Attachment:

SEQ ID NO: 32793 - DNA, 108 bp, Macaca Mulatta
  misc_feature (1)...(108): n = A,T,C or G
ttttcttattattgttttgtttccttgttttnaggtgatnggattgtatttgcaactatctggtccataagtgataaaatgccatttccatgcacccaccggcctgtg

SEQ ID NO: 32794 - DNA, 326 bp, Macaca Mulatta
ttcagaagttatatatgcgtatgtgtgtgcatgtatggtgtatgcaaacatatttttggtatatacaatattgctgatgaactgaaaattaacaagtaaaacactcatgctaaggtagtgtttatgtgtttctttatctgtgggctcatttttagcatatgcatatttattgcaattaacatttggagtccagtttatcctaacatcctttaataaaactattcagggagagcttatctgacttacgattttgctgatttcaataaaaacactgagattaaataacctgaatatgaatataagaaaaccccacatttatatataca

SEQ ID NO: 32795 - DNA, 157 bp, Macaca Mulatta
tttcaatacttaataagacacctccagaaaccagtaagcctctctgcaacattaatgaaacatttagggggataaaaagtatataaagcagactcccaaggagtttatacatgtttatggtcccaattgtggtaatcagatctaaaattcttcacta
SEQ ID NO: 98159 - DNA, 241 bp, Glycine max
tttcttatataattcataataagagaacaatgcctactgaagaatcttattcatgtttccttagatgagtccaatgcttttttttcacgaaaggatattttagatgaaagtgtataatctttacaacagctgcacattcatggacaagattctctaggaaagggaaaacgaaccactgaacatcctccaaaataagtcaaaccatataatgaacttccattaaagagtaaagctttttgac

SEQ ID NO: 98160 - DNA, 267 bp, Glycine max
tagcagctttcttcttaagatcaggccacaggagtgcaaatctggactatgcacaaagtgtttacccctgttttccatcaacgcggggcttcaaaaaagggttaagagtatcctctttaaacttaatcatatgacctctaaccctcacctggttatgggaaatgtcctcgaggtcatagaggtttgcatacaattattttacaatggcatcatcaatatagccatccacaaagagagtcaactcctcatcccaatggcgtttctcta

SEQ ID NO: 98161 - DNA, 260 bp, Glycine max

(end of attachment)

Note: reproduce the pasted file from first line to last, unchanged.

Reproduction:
SEQ ID NO: 32793 - DNA, 108 bp, Macaca Mulatta
  misc_feature (1)...(108): n = A,T,C or G
ttttcttattattgttttgtttccttgttttnaggtgatnggattgtatttgcaactatctggtccataagtgataaaatgccatttccatgcacccaccggcctgtg

SEQ ID NO: 32794 - DNA, 326 bp, Macaca Mulatta
ttcagaagttatatatgcgtatgtgtgtgcatgtatggtgtatgcaaacatatttttggtatatacaatattgctgatgaactgaaaattaacaagtaaaacactcatgctaaggtagtgtttatgtgtttctttatctgtgggctcatttttagcatatgcatatttattgcaattaacatttggagtccagtttatcctaacatcctttaataaaactattcagggagagcttatctgacttacgattttgctgatttcaataaaaacactgagattaaataacctgaatatgaatataagaaaaccccacatttatatataca

SEQ ID NO: 32795 - DNA, 157 bp, Macaca Mulatta
tttcaatacttaataagacacctccagaaaccagtaagcctctctgcaacattaatgaaacatttagggggataaaaagtatataaagcagactcccaaggagtttatacatgtttatggtcccaattgtggtaatcagatctaaaattcttcacta
SEQ ID NO: 98159 - DNA, 241 bp, Glycine max
tttcttatataattcataataagagaacaatgcctactgaagaatcttattcatgtttccttagatgagtccaatgcttttttttcacgaaaggatattttagatgaaagtgtataatctttacaacagctgcacattcatggacaagattctctaggaaagggaaaacgaaccactgaacatcctccaaaataagtcaaaccatataatgaacttccattaaagagtaaagctttttgac

SEQ ID NO: 98160 - DNA, 267 bp, Glycine max
tagcagctttcttcttaagatcaggccacaggagtgcaaatctggactatgcacaaagtgtttacccctgttttccatcaacgcggggcttcaaaaaagggttaagagtatcctctttaaacttaatcatatgacctctaaccctcacctggttatgggaaatgtcctcgaggtcatagaggtttgcatacaattattttacaatggcatcatcaatatagccatccacaaagagagtcaactcctcatcccaatggcgtttctcta

SEQ ID NO: 98161 - DNA, 260 bp, Glycine max